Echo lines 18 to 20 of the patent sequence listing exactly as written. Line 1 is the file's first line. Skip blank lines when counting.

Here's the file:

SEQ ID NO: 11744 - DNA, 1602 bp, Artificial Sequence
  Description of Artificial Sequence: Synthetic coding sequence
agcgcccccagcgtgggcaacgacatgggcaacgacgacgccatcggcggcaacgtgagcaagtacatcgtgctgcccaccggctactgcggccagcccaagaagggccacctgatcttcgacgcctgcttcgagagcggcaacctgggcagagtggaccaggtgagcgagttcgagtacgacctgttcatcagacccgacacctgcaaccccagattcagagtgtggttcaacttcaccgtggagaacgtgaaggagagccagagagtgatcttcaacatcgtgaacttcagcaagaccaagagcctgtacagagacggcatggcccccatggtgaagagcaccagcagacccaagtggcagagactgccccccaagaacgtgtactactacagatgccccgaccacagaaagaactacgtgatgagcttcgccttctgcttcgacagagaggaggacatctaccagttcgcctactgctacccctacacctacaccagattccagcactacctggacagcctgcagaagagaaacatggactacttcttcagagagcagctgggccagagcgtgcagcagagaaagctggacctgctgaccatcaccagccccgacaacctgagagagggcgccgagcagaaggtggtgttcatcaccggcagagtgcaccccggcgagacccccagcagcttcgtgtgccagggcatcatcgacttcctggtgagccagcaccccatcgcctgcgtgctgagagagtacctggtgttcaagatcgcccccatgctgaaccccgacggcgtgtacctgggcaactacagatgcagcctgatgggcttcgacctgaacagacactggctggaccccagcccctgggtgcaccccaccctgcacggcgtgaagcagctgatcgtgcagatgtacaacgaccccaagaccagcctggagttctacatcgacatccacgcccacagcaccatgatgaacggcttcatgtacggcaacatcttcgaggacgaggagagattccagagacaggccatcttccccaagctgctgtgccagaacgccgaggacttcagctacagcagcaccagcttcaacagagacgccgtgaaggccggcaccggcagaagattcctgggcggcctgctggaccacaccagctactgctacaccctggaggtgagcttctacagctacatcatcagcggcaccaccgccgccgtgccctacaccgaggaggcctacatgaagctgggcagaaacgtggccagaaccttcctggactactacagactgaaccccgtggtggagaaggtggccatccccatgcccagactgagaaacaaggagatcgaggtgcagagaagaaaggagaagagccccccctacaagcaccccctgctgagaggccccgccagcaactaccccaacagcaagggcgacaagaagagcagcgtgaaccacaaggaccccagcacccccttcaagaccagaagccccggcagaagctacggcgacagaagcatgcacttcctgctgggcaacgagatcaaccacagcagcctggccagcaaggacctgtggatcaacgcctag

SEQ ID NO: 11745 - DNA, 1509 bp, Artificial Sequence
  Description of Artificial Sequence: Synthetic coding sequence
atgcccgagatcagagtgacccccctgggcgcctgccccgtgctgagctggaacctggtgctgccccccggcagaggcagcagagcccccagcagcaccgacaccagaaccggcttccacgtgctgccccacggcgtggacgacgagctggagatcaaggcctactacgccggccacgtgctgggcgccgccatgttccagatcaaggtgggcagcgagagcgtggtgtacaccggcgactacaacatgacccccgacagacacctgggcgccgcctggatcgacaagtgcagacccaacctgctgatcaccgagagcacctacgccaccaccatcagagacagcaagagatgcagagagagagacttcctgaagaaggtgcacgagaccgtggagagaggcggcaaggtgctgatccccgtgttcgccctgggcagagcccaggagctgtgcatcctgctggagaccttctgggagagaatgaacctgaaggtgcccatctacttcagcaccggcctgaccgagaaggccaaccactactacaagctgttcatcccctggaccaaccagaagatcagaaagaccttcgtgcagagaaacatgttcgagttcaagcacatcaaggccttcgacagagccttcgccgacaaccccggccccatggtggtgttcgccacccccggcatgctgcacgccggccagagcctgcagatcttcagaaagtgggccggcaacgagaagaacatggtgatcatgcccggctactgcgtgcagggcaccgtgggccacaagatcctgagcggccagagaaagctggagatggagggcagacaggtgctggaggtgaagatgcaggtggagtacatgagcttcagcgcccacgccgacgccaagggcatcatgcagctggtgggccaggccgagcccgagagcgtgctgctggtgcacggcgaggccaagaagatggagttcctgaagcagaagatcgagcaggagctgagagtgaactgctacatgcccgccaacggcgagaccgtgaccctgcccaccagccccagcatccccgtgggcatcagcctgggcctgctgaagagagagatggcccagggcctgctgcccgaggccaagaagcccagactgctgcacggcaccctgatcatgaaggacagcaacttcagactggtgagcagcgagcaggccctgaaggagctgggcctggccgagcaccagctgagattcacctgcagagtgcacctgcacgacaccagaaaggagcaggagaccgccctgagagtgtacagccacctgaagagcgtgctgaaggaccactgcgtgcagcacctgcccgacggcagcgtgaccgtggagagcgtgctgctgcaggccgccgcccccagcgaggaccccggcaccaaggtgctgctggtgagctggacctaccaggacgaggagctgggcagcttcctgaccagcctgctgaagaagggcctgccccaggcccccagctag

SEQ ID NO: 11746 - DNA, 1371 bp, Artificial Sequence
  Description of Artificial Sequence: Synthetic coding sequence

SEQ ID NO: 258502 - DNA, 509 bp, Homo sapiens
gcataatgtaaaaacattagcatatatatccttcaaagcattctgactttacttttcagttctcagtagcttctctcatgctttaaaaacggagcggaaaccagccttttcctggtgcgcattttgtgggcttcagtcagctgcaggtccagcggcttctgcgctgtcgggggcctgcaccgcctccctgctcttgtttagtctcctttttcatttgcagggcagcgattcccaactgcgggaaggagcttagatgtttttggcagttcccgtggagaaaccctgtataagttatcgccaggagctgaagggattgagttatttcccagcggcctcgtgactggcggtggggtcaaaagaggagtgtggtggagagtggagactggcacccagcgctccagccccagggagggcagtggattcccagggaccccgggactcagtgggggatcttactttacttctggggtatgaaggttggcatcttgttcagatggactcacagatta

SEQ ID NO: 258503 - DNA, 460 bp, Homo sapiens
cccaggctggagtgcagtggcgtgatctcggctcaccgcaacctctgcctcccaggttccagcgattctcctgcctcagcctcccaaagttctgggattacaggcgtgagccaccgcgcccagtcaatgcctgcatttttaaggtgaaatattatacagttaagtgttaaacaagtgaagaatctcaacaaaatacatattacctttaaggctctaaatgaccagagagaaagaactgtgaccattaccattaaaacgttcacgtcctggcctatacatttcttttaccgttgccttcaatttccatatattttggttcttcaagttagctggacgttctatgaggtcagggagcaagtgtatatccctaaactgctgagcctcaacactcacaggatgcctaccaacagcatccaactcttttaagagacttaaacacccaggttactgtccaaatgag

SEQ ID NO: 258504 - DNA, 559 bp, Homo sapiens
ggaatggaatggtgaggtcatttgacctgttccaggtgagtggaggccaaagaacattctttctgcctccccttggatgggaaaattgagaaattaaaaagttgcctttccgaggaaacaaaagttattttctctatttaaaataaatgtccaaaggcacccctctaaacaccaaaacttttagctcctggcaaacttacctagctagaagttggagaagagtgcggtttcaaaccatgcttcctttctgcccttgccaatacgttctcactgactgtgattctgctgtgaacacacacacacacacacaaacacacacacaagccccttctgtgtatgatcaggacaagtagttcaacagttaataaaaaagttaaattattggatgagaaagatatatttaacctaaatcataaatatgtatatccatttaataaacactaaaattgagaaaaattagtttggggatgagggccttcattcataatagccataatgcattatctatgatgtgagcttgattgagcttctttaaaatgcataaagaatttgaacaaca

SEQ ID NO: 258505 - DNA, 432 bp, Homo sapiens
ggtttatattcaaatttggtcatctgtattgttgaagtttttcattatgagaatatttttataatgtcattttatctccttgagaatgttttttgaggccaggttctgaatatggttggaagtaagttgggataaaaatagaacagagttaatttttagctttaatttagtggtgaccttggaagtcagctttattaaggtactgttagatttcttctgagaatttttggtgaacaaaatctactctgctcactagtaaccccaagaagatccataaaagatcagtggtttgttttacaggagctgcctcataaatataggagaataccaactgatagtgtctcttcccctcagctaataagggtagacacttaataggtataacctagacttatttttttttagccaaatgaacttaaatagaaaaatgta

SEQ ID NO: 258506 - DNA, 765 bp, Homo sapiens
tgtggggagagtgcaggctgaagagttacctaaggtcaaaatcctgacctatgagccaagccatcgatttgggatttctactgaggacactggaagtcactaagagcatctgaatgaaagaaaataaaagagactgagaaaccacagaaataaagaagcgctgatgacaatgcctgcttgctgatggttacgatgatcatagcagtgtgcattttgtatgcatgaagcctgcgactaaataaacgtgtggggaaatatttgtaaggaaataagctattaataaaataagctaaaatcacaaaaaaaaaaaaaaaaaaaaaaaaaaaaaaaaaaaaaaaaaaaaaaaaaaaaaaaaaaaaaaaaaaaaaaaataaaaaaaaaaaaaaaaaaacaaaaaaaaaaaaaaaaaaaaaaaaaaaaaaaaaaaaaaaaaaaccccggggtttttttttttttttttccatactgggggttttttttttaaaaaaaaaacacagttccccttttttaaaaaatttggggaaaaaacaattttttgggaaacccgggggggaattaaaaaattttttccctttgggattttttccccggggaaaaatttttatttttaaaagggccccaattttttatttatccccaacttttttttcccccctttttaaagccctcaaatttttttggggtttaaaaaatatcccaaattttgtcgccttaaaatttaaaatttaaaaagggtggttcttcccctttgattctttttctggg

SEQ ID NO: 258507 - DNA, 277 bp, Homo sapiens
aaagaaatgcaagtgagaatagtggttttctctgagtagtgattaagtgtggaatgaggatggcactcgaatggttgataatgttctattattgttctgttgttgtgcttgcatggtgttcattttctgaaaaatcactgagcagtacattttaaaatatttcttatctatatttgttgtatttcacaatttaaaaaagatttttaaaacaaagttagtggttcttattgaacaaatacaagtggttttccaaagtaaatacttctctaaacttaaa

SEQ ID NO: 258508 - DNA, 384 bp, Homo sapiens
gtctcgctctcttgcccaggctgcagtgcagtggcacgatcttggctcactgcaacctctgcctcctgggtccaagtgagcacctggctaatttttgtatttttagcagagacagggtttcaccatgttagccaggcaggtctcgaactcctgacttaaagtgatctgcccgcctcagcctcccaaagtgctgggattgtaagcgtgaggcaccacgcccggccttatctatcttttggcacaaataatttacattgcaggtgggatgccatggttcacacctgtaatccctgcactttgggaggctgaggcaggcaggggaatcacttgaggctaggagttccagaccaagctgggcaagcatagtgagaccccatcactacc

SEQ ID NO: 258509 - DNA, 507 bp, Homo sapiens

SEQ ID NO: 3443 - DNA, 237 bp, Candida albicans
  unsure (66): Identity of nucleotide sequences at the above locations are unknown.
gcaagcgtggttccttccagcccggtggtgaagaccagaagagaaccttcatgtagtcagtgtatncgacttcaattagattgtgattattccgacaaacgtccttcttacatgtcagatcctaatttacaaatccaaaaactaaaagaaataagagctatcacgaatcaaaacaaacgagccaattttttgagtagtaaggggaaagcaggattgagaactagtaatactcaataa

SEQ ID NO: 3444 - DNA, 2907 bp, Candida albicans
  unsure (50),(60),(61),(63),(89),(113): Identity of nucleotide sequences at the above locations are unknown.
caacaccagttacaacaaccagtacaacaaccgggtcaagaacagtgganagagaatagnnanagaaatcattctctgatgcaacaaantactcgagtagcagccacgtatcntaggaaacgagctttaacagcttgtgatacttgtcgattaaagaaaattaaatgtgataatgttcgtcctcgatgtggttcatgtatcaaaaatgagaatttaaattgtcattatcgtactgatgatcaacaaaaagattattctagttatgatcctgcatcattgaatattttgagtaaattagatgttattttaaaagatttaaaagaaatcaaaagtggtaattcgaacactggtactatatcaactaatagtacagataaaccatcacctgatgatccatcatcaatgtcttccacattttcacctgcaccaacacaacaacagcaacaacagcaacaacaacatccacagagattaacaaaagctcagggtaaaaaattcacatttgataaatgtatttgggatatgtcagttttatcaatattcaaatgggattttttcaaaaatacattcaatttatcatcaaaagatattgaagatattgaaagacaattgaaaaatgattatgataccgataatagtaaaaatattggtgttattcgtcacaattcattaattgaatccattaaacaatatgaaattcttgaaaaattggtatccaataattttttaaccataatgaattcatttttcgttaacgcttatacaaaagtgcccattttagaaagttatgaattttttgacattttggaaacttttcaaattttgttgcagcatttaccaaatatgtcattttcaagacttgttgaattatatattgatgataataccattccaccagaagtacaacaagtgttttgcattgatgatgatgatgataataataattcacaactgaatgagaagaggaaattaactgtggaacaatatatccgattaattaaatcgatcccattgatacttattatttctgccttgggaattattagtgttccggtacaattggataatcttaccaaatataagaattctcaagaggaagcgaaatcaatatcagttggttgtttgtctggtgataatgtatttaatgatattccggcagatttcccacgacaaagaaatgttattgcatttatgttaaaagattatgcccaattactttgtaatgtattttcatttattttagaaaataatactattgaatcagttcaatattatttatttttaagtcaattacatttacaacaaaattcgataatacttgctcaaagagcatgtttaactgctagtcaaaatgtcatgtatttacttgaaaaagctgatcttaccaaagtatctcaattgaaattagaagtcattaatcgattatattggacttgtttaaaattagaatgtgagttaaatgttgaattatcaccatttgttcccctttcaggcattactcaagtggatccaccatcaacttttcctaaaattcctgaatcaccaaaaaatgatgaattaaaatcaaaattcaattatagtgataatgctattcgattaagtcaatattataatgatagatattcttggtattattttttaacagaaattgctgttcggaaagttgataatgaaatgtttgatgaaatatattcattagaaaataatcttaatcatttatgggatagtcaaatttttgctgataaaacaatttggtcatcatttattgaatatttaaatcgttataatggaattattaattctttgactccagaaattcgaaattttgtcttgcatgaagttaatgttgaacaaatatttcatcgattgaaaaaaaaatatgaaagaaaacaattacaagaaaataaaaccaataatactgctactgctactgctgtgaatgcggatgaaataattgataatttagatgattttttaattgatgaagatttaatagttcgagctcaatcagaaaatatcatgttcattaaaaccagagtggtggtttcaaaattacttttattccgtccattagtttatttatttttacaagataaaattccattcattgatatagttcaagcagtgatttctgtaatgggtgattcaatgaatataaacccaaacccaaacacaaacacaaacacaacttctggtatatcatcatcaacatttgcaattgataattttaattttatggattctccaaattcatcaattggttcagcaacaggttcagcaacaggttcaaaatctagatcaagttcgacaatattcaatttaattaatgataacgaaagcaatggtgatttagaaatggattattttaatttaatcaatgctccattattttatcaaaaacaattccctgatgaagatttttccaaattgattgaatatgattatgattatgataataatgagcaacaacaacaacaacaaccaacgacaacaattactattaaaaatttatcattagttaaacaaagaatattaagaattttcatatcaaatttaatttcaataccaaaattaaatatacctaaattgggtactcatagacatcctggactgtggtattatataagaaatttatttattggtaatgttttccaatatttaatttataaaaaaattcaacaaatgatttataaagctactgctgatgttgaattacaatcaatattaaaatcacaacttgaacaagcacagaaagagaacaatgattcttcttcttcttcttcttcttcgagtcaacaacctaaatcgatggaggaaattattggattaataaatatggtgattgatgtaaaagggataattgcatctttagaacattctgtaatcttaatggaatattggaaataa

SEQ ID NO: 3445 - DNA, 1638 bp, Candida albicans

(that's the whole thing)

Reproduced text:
tgtggggagagtgcaggctgaagagttacctaaggtcaaaatcctgacctatgagccaagccatcgatttgggatttctactgaggacactggaagtcactaagagcatctgaatgaaagaaaataaaagagactgagaaaccacagaaataaagaagcgctgatgacaatgcctgcttgctgatggttacgatgatcatagcagtgtgcattttgtatgcatgaagcctgcgactaaataaacgtgtggggaaatatttgtaaggaaataagctattaataaaataagctaaaatcacaaaaaaaaaaaaaaaaaaaaaaaaaaaaaaaaaaaaaaaaaaaaaaaaaaaaaaaaaaaaaaaaaaaaaaaataaaaaaaaaaaaaaaaaaacaaaaaaaaaaaaaaaaaaaaaaaaaaaaaaaaaaaaaaaaaaaccccggggtttttttttttttttttccatactgggggttttttttttaaaaaaaaaacacagttccccttttttaaaaaatttggggaaaaaacaattttttgggaaacccgggggggaattaaaaaattttttccctttgggattttttccccggggaaaaatttttatttttaaaagggccccaattttttatttatccccaacttttttttcccccctttttaaagccctcaaatttttttggggtttaaaaaatatcccaaattttgtcgccttaaaatttaaaatttaaaaagggtggttcttcccctttgattctttttctggg

SEQ ID NO: 258507 - DNA, 277 bp, Homo sapiens
aaagaaatgcaagtgagaatagtggttttctctgagtagtgattaagtgtggaatgaggatggcactcgaatggttgataatgttctattattgttctgttgttgtgcttgcatggtgttcattttctgaaaaatcactgagcagtacattttaaaatatttcttatctatatttgttgtatttcacaatttaaaaaagatttttaaaacaaagttagtggttcttattgaacaaatacaagtggttttccaaagtaaatacttctctaaacttaaa